Click for full image.
As a break from Wuhan flu madness I give you another cool image, cropped and reduced to post here, taken by the high resolution camera on Mars Reconnaissance Orbiter (MRO). I call this stucco on Mars because that is exactly what it looks like. It is as someone laid down a layer of damp concrete and then ran over it roughly with a trowel to raise the knobs scattered across the surface.
The uncaptioned MRO image calls this “Aligned Mounds with Broad Summit Pits”. Those aligned mounds run across the top of the image. I suspect they are pedestal craters, left over because the impact had packed and hardened the crater so that it resisted erosion as the surrounding terrain was worn away.
The two insets, posted below at full resolutoin, focus on one of those pedestal craters as well as the distinct mesa at the bottom of the photo.
This particular mound is intriguing because it seems to really be a cluster of four craters packed close together. One of smaller craters even seems to have a central peak. If these were caused by an impact, it was likely a single event, such as multiple pieces hitting at the same time, either from a shattered asteroid or from secondary ejecta from a nearby larger impact.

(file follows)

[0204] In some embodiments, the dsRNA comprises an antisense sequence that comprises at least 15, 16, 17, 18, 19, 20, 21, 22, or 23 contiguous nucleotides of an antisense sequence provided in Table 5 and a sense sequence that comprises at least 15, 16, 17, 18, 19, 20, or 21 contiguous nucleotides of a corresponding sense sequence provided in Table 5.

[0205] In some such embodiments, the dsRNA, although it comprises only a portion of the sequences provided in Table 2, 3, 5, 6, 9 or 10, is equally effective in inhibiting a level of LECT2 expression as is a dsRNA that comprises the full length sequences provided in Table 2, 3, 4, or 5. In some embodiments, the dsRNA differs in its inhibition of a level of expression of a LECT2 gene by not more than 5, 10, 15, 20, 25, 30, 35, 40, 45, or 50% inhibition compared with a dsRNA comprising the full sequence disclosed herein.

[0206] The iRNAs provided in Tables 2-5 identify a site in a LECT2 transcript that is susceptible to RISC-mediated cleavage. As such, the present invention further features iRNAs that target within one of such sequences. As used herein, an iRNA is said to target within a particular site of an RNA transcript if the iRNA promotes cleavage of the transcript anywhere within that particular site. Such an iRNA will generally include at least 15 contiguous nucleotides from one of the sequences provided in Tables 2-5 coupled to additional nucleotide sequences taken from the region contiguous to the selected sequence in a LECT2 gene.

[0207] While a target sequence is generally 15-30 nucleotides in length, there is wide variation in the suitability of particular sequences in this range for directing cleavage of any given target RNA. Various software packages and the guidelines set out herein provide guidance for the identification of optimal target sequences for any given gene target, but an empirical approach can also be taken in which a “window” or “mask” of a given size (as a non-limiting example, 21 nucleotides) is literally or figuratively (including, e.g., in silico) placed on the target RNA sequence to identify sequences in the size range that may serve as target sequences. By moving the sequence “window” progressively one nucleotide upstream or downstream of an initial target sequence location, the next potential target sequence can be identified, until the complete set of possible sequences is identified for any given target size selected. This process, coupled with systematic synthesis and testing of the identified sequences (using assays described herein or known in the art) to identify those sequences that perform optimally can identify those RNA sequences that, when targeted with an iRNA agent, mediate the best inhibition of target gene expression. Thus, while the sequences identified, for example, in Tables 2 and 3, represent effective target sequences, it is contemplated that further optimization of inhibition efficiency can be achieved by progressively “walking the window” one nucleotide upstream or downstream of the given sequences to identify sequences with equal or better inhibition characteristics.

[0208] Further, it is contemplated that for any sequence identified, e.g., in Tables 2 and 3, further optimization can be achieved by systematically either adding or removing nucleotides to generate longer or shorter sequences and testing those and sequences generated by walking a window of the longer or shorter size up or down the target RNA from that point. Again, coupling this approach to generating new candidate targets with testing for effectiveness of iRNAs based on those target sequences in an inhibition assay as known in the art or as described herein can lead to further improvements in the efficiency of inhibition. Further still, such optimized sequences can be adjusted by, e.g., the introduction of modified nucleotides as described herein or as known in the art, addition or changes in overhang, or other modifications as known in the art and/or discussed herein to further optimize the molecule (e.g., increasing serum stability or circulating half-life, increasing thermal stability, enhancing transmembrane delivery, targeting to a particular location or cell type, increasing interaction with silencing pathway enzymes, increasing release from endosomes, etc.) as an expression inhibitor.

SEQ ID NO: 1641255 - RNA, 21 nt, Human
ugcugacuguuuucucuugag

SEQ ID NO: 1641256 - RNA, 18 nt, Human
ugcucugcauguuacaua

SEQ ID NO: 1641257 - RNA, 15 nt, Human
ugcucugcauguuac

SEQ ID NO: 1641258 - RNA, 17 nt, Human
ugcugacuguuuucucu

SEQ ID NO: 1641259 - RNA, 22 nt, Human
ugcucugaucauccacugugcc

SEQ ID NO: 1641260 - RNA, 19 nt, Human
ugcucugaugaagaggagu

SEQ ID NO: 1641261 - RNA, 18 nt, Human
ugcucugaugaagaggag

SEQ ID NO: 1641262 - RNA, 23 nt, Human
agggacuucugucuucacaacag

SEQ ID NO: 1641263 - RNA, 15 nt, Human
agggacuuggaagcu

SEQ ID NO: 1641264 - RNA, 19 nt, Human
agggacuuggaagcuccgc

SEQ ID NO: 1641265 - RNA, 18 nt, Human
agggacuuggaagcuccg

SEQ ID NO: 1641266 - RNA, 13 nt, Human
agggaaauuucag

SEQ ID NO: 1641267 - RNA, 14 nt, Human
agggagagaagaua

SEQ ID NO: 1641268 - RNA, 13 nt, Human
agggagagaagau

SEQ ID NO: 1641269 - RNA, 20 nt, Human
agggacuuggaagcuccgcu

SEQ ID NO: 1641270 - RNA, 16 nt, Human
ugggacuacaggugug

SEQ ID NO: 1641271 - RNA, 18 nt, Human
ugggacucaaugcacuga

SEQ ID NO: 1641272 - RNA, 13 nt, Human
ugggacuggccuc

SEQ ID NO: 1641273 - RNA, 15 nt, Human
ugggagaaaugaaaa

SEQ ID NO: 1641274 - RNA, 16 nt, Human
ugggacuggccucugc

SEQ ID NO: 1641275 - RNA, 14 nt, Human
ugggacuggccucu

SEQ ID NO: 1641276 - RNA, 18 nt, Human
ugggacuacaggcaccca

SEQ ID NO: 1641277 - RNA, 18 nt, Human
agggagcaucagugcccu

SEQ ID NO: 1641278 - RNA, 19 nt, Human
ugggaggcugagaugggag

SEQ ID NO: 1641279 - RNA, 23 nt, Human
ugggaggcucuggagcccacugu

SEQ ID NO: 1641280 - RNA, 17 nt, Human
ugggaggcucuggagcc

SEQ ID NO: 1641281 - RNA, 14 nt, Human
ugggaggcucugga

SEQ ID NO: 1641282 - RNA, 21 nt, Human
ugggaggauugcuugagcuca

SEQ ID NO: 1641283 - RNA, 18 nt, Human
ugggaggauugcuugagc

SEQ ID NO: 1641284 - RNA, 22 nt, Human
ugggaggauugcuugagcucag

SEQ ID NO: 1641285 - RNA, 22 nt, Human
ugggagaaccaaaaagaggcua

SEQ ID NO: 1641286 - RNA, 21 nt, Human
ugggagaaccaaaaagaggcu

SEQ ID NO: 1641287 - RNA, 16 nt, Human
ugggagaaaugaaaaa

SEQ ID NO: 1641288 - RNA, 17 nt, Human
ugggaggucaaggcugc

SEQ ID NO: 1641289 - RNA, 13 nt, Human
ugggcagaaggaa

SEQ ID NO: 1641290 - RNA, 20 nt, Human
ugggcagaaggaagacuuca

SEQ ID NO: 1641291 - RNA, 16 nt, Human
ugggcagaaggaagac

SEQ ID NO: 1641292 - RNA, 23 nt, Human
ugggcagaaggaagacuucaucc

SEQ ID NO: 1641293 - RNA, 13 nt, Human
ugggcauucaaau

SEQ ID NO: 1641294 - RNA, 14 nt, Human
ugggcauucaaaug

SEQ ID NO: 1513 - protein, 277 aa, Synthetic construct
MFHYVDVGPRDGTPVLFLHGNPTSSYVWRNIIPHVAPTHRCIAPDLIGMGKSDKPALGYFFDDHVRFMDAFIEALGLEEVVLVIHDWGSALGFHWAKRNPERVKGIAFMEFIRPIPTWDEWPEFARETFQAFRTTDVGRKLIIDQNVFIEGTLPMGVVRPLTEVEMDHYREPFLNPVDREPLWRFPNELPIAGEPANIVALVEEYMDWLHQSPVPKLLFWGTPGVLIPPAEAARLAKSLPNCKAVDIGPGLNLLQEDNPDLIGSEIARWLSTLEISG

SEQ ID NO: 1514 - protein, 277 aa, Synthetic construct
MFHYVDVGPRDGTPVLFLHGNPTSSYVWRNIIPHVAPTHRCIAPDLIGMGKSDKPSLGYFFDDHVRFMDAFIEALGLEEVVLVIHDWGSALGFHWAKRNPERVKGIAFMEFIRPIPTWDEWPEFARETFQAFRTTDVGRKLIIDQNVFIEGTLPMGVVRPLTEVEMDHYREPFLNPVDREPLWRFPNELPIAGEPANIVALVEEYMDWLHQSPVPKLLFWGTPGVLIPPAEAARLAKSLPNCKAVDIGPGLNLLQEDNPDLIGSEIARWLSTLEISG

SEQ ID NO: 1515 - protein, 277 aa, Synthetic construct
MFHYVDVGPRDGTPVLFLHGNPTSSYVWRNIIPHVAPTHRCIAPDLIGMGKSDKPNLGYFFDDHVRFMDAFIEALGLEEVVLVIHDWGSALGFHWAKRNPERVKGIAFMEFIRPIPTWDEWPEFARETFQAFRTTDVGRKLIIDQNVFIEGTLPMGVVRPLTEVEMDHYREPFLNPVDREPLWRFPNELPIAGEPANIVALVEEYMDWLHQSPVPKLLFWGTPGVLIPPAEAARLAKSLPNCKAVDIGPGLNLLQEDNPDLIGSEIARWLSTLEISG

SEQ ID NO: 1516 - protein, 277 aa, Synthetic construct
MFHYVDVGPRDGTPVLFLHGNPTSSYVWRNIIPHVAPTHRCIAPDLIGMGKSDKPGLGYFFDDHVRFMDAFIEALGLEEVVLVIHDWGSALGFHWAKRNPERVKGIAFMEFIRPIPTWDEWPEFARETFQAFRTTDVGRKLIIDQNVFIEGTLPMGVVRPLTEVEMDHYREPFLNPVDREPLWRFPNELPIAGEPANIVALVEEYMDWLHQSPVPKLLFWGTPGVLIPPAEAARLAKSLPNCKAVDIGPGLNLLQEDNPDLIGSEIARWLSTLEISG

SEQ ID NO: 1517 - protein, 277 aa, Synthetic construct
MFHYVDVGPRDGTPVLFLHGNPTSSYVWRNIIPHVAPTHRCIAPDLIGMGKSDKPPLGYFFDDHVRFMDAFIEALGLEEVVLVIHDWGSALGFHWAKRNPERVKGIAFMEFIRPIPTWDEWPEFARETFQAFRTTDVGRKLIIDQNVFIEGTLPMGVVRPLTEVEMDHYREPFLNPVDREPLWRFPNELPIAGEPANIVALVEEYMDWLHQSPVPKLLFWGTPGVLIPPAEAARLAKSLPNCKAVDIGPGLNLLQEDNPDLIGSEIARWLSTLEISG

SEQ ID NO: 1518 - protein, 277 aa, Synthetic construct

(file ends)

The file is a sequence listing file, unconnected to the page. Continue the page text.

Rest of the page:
If these pits were not made by impact, I don’t have a clue what caused them. Though this certainly doesn’t look like a typical volcanic feature pushed up from below, it certainly could be, considering the different gravity and chemistry of Mars. In that alien environment it would be a big mistake to expect such things to look just like they do on Earth.
The mesa near the bottom of the photograph, shown to the right, provides evidence that considerable surface material here has eroded away. That the top of the mesa appears much higher than the top of the mounds just adds a bit of new complexity to this geology that needs explaining.
In fact, I wish I had some information on the actual height of this mesa. It appears we are looking straight down upon it, so it is difficult to estimate a height. The impression given however is of some considerable height. From the side this straight-sided pinnacle should look quite impressive.
The map to the right gives us some context. This stucco is located in the southern highlands, near the transition zone down to the northern lowlands, and about 800 miles to the west of Jezero Crater, where the rover Perseverance will hopefully land successfully in 2021.
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